A Photo Album To Showcase Mutual Fund/ETF Adoption Of Social Media

If imitation is the sincerest form of flattery, this post sincerely flatters Kevin Dugan, a digital marketing and public relations professional whose accomplishments include the Bad Pitch blog.

I happened to hear in Monday’s For Immediate Release podcast that Dugan had created a Flickr group to track Signs of Social Media. The group’s purpose, according to the description of Dugan’s Flickr set, is to “show how retail, food and other brands are reaching out to consumers and asking them to follow on Facebook, Twitter and the like.”

Hmm… Given the pace of social media adoption in this industry, mutual fund and exchange-traded fund (ETF) marketers don’t yet need to focus on making sure that their physical presence supports their online social presence. But a Flickr group could serve a need that Rock The Boat Marketing has been wrestling with lately. In our continuous surveillance of investment companies on the Web, we often see examples we’d like to share with you but don’t have enough to say to devote a blog post to.

Flickr is the perfect site to showcase the examples in a much better way than we could do in a blog post (or on our Best Practices page, which we’ll be sunsetting. Details on that at a later date.) Oh and we use Facebook favorites and YouTube subscriptions to track firms on those two mega social sites.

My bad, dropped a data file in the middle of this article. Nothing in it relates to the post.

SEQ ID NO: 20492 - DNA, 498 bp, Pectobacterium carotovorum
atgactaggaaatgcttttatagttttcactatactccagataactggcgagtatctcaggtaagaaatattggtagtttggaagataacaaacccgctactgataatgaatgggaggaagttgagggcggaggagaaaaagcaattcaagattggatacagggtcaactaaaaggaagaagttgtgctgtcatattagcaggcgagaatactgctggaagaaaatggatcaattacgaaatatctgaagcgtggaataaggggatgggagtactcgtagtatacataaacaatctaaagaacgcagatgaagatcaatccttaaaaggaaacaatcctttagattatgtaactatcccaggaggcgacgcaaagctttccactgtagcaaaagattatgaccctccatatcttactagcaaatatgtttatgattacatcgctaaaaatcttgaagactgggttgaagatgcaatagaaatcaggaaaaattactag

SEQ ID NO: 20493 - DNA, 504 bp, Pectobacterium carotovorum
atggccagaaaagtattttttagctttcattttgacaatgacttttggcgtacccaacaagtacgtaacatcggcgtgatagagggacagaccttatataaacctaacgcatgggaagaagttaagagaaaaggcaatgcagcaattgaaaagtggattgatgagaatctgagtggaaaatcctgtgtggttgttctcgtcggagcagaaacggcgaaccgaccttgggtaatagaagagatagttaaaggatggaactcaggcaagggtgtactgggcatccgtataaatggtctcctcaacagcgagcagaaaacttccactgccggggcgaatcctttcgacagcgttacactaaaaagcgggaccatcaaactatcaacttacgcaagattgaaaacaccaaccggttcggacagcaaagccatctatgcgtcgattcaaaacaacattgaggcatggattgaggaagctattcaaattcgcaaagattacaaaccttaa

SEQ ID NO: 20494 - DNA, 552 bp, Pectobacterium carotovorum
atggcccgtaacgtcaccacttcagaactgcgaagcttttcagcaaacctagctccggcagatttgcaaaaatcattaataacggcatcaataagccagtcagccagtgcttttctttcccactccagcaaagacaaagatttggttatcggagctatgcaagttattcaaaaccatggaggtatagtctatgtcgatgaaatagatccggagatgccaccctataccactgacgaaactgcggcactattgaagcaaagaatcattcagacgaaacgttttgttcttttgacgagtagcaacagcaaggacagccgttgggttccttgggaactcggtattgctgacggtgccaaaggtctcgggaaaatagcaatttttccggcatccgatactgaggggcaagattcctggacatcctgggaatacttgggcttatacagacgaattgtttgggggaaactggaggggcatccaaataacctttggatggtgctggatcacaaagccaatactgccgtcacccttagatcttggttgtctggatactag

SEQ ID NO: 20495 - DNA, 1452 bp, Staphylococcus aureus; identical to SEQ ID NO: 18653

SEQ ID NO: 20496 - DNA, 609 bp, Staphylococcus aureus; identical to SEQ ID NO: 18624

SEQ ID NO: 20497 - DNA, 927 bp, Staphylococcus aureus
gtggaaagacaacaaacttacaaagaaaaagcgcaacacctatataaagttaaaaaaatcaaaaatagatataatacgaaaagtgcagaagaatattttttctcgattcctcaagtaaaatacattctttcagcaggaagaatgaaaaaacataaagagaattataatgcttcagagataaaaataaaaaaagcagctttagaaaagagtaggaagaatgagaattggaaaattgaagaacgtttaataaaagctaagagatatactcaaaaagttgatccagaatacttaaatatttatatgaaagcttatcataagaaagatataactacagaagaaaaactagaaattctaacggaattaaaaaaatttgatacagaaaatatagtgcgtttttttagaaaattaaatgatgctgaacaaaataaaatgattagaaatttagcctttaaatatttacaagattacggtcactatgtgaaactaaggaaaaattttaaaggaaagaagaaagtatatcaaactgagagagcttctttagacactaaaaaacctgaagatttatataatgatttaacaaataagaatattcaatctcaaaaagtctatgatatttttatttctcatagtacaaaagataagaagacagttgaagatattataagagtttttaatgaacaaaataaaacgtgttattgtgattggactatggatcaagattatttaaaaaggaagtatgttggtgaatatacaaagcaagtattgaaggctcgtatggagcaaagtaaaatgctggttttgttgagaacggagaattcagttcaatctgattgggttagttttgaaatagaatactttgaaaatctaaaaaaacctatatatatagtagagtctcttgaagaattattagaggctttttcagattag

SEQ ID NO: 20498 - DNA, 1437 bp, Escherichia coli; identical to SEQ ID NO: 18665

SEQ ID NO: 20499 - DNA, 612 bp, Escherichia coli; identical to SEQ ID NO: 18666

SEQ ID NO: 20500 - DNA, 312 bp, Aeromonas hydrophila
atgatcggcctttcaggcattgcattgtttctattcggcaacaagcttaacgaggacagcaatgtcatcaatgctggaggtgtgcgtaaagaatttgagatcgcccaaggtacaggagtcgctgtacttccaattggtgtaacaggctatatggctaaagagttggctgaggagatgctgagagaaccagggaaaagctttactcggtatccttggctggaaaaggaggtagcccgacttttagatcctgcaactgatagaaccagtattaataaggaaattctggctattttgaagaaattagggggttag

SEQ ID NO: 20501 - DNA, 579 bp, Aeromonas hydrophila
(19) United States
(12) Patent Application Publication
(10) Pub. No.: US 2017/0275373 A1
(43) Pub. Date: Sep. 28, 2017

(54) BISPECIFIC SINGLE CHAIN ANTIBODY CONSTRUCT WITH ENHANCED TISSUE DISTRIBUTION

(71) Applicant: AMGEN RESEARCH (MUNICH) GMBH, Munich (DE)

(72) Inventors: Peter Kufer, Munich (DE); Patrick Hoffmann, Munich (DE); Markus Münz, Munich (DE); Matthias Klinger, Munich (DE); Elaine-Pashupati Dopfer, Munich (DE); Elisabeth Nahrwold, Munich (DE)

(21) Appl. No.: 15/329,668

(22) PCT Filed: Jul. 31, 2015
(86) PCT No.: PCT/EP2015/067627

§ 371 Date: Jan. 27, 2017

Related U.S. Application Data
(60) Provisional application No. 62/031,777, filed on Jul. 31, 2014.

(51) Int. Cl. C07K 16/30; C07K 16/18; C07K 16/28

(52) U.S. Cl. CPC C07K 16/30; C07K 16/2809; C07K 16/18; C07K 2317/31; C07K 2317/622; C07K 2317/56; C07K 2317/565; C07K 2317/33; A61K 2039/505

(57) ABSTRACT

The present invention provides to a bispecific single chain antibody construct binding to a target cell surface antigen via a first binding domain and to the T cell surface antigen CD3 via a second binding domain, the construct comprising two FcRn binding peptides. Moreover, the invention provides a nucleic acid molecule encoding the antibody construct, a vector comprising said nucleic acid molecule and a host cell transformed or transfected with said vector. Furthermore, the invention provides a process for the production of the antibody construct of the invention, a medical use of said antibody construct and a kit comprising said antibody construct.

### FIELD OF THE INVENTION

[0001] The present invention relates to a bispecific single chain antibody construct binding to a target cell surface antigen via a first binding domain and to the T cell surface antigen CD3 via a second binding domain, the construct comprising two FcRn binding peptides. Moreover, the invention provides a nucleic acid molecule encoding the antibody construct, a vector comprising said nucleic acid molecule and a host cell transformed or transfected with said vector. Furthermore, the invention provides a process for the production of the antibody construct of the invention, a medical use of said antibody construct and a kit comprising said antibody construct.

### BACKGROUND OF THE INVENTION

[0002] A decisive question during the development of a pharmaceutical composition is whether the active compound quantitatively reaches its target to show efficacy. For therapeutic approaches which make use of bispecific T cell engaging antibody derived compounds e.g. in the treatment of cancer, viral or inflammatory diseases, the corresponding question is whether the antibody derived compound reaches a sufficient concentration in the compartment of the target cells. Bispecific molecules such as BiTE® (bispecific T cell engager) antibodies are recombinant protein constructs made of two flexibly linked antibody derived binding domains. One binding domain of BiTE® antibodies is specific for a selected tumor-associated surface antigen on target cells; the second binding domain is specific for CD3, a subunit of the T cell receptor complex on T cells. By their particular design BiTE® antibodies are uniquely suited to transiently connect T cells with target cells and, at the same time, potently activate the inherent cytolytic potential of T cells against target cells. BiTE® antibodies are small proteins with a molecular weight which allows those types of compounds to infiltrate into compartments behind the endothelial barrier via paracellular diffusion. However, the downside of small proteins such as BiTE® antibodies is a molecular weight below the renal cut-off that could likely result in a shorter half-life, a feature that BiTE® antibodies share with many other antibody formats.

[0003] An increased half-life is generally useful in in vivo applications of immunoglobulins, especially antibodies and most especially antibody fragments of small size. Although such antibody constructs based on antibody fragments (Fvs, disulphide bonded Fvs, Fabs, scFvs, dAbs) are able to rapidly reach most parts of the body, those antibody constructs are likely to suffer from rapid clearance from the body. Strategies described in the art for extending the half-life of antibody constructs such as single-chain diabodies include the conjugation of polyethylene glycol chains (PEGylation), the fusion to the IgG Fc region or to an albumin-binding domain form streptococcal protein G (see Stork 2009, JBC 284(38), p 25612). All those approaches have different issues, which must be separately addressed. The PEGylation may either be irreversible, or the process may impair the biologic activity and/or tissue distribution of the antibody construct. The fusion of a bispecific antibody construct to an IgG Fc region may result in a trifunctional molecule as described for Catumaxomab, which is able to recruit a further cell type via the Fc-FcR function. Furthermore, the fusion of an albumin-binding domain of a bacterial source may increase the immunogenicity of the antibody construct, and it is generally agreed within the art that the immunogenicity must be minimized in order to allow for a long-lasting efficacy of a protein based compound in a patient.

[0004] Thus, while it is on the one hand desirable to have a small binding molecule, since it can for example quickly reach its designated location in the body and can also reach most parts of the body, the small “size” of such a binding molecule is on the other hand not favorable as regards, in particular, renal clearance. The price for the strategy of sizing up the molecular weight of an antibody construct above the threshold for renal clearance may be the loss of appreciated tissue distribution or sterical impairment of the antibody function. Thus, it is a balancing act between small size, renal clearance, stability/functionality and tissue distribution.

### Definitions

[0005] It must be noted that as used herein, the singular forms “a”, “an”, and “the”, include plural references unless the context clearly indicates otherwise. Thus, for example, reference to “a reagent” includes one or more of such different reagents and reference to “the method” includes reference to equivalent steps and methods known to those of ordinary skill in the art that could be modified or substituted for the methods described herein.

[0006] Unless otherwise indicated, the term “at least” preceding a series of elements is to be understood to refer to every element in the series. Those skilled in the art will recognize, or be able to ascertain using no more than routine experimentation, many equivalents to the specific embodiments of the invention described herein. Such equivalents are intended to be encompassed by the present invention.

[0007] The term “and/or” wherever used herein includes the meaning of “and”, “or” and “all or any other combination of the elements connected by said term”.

As you’ll see in the slideshow, the set of photos we’re launching with represents a range that includes: American Century, Deutsche Bank and DWS, Fidelity Labs, Franklin Templeton, iShares, MFS, Navellier, Lord Abbett, Oppenheimer, Prudent Bear, The Principal, Putnam, RidgeWorth, Rydex, T. Rowe Price, Van Eck, Vanguard and Wells Fargo Advantage Funds.

We recommend that you click on the icon in the bottom right-hand corner of the player to view the collection in full-screen mode. Click on Show Info in the upper right-hand corner to read a brief comment and to get the URL. (The construction of many of these URLs shed some light on investment companies’ struggle in ranking in search engines.)

But, there’s no way that the 20-odd images in our first set capture everything that’s going on with mutual fund and ETF companies and social media today. We’ve made them available in a Flickr group (Investment Firms & Social Media) so that you and others can add to the collection and, if your Compliance officer allows, comment. Note that you can subscribe to the RSS feed to keep up with any discussions.

These really are the early days, and I’m already thinking about how nostalgic we’ll be when scrolling through this photo album in a year or two. The number of views, downloads, etc. published by the social sites and viewable in these screenshots taken in July 2010 are low in all cases.

But as you review them—maybe as a resource for helping you make the case for your own initiatives—we’d submit that the return in terms of pick-up is not what’s relevant today. Unreported is the experience and insights that these companies are gaining. These are the good, ole days—perfect for experimenting and refining.